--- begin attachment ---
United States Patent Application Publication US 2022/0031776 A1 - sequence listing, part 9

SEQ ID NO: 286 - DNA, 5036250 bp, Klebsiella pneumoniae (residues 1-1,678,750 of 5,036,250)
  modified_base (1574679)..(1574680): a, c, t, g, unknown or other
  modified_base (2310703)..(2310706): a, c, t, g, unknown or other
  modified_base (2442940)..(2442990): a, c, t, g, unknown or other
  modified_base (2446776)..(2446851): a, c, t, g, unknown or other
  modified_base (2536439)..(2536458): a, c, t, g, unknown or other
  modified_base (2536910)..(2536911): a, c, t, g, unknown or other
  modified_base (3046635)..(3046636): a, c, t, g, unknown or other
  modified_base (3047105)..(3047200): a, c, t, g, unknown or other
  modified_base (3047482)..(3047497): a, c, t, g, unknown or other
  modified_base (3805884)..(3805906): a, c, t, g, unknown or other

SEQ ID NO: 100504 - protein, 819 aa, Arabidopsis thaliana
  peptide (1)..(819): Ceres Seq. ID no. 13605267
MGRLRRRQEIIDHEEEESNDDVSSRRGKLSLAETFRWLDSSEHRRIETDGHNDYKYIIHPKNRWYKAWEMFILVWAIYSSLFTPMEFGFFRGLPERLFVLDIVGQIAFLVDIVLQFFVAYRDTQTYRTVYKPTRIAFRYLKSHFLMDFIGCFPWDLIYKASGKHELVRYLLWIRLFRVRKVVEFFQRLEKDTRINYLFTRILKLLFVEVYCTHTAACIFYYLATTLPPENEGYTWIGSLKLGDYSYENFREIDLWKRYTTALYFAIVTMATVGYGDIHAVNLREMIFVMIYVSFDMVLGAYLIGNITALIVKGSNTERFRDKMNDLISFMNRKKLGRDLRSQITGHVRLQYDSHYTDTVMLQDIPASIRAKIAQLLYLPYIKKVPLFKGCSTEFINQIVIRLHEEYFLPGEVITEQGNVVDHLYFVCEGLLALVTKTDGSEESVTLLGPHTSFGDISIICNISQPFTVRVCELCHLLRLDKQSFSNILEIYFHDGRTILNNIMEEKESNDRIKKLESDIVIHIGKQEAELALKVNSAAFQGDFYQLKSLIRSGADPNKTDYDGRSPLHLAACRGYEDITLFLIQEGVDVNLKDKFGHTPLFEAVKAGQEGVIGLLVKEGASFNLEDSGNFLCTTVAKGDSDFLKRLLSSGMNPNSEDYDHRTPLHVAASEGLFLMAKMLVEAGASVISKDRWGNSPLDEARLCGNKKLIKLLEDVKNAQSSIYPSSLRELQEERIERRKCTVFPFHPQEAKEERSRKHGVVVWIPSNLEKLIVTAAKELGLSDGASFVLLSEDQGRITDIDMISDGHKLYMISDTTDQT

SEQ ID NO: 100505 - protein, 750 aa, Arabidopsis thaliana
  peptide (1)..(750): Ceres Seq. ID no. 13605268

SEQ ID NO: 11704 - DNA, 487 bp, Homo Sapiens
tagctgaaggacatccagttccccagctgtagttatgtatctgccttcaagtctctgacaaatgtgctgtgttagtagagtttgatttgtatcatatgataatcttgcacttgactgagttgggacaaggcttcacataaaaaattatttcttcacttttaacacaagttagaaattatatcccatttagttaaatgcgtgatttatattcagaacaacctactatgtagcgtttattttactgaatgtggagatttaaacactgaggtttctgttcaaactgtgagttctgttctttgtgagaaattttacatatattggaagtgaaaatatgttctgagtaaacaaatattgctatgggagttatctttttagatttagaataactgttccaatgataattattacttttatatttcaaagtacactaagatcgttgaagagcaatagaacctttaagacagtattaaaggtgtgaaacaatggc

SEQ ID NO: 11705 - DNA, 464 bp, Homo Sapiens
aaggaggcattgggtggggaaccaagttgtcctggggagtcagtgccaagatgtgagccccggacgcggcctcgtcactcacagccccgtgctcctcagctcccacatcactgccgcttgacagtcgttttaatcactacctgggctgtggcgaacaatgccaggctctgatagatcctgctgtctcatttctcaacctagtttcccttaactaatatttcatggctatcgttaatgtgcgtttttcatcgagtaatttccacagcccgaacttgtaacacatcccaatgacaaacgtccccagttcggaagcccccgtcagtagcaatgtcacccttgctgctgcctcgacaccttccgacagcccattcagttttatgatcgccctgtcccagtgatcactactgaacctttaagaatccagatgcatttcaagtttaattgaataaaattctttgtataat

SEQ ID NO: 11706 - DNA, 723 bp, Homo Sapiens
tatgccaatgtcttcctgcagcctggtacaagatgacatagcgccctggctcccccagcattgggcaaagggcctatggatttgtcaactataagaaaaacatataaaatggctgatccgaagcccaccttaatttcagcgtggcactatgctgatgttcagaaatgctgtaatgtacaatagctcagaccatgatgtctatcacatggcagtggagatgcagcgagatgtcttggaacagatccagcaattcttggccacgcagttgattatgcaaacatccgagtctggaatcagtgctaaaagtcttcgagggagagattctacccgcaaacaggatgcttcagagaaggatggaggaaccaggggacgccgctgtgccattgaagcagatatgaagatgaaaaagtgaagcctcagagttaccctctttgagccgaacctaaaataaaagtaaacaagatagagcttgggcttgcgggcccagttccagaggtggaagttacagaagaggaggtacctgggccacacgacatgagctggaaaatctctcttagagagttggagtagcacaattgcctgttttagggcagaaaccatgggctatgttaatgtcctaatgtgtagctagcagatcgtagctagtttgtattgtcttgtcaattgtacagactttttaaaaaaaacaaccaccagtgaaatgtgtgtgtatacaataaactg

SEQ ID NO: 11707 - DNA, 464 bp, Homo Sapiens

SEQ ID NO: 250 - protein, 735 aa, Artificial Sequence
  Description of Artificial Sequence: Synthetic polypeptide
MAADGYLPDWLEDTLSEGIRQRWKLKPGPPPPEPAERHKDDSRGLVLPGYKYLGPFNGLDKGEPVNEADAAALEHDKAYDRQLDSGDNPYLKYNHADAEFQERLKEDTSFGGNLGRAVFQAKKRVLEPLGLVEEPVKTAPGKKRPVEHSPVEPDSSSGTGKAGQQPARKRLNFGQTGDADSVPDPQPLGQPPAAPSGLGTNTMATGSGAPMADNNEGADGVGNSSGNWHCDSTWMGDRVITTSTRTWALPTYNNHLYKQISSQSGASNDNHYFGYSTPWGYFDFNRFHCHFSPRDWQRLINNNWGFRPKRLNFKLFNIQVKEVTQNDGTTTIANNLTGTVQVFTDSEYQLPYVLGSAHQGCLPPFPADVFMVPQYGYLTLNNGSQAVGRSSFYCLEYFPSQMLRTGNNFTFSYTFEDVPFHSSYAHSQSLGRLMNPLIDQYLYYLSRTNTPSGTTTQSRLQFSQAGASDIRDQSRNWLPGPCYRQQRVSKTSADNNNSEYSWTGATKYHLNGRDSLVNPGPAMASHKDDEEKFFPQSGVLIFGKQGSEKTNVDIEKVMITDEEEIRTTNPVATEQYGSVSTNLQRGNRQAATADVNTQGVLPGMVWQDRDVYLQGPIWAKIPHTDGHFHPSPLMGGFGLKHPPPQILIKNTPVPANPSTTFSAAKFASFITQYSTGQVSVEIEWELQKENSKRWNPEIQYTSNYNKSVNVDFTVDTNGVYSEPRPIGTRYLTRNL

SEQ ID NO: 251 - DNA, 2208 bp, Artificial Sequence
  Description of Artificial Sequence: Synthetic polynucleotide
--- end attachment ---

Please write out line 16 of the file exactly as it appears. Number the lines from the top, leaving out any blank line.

SEQ ID NO: 100505 - protein, 750 aa, Arabidopsis thaliana